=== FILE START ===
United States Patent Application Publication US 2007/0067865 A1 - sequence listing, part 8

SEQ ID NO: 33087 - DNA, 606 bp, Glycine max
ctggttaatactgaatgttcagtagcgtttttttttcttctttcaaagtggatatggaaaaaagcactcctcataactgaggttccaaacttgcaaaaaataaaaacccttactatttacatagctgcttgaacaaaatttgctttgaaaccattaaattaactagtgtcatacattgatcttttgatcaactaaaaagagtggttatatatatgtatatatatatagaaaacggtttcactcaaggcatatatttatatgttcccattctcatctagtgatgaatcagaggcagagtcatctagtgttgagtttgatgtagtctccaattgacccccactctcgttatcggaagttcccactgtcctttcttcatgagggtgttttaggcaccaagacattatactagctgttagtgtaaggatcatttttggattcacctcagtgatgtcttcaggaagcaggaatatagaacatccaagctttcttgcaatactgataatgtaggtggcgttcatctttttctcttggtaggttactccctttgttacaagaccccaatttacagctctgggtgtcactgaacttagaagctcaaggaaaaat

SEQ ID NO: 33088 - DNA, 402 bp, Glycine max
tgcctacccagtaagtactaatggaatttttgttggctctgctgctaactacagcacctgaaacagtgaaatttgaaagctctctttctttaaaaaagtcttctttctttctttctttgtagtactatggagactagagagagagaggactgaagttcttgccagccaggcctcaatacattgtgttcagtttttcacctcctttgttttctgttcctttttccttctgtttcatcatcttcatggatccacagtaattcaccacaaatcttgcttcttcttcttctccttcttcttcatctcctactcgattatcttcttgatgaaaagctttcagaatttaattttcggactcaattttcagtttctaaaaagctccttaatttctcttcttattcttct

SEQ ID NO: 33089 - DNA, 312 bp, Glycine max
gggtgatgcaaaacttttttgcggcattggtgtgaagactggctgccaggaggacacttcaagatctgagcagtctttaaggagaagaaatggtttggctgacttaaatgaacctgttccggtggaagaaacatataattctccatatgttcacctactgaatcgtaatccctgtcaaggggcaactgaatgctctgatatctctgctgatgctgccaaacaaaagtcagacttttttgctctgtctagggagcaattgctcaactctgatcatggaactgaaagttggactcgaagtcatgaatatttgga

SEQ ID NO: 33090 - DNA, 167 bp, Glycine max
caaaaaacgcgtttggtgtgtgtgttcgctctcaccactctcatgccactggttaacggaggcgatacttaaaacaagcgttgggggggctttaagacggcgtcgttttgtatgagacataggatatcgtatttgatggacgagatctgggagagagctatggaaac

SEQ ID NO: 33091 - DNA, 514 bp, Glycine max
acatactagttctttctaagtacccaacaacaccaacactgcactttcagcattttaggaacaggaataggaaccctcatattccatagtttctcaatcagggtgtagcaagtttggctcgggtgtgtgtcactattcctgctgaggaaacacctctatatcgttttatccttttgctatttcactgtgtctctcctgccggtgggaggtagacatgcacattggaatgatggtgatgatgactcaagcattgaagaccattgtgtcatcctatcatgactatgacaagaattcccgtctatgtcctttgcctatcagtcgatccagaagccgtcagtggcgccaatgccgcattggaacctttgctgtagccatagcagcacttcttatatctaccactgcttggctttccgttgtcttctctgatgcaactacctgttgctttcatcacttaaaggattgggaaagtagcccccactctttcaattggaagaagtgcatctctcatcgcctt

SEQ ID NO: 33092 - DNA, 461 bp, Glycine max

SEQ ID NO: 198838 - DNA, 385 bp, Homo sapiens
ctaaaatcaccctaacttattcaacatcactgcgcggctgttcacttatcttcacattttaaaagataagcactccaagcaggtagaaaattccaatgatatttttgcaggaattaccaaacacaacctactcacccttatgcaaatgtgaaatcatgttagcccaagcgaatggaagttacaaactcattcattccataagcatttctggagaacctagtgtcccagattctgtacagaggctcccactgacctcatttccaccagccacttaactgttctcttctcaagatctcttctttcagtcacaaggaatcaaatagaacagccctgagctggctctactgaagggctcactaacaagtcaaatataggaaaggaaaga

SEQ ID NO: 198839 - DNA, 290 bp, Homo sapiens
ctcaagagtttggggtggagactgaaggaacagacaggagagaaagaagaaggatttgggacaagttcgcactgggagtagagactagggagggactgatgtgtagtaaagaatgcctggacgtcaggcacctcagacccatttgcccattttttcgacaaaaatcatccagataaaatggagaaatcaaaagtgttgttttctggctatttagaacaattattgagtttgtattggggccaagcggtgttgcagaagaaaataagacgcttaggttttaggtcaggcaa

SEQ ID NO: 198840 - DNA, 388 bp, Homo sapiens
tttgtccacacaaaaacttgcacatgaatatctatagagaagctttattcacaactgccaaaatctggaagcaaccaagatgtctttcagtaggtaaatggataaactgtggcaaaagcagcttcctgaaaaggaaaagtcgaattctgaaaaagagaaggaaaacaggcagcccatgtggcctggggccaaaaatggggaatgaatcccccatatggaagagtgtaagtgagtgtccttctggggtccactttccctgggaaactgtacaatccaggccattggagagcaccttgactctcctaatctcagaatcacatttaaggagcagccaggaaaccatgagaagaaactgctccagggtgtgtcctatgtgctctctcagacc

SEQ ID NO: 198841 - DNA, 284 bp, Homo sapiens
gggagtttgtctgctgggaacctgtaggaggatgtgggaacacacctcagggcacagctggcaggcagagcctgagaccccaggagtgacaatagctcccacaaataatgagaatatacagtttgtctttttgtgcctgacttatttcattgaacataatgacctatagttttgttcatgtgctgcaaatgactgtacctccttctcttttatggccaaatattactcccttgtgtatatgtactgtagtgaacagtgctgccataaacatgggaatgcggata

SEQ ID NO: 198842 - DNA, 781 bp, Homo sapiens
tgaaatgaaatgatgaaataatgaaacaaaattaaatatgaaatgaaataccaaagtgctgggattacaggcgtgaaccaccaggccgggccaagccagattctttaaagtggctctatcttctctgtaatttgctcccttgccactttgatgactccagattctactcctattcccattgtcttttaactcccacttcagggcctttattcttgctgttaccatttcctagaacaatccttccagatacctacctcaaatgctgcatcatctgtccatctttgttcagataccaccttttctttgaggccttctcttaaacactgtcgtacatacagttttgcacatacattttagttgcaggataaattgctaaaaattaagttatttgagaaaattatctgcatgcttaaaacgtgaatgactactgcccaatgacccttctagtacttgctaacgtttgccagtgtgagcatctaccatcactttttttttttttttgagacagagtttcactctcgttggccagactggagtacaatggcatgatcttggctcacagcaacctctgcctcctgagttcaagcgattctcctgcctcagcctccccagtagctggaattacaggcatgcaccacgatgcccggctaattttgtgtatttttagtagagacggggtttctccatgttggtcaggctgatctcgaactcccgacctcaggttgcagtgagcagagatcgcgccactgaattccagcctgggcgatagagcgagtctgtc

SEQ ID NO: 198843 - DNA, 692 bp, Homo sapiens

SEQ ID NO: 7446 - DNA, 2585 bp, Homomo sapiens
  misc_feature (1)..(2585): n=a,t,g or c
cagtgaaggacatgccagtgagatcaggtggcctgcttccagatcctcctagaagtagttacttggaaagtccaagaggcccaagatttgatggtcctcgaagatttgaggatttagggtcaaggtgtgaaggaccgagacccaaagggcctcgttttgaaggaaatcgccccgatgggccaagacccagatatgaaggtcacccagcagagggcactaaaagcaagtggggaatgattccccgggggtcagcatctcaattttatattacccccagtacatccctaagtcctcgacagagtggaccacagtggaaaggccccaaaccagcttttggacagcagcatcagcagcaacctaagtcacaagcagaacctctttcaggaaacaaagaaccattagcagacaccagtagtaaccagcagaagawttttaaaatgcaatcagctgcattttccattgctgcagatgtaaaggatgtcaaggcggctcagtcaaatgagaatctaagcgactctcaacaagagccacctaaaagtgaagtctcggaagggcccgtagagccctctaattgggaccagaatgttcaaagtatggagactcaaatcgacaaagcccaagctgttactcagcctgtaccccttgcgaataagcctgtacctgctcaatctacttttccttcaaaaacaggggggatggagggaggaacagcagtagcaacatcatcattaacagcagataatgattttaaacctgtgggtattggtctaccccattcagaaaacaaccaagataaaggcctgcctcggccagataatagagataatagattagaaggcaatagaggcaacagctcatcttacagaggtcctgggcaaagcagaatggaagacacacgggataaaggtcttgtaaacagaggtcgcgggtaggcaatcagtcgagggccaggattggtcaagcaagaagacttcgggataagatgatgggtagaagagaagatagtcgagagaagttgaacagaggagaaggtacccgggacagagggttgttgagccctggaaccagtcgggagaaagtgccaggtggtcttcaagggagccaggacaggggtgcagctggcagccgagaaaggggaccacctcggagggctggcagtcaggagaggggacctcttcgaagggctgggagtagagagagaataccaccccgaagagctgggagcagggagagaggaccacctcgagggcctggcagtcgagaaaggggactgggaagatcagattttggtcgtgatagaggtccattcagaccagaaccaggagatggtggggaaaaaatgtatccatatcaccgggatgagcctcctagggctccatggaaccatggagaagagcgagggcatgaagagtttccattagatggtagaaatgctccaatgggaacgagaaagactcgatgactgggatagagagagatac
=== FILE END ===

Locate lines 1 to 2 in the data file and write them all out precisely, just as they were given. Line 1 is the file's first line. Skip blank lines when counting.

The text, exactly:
United States Patent Application Publication US 2007/0067865 A1 - sequence listing, part 8

SEQ ID NO: 33087 - DNA, 606 bp, Glycine max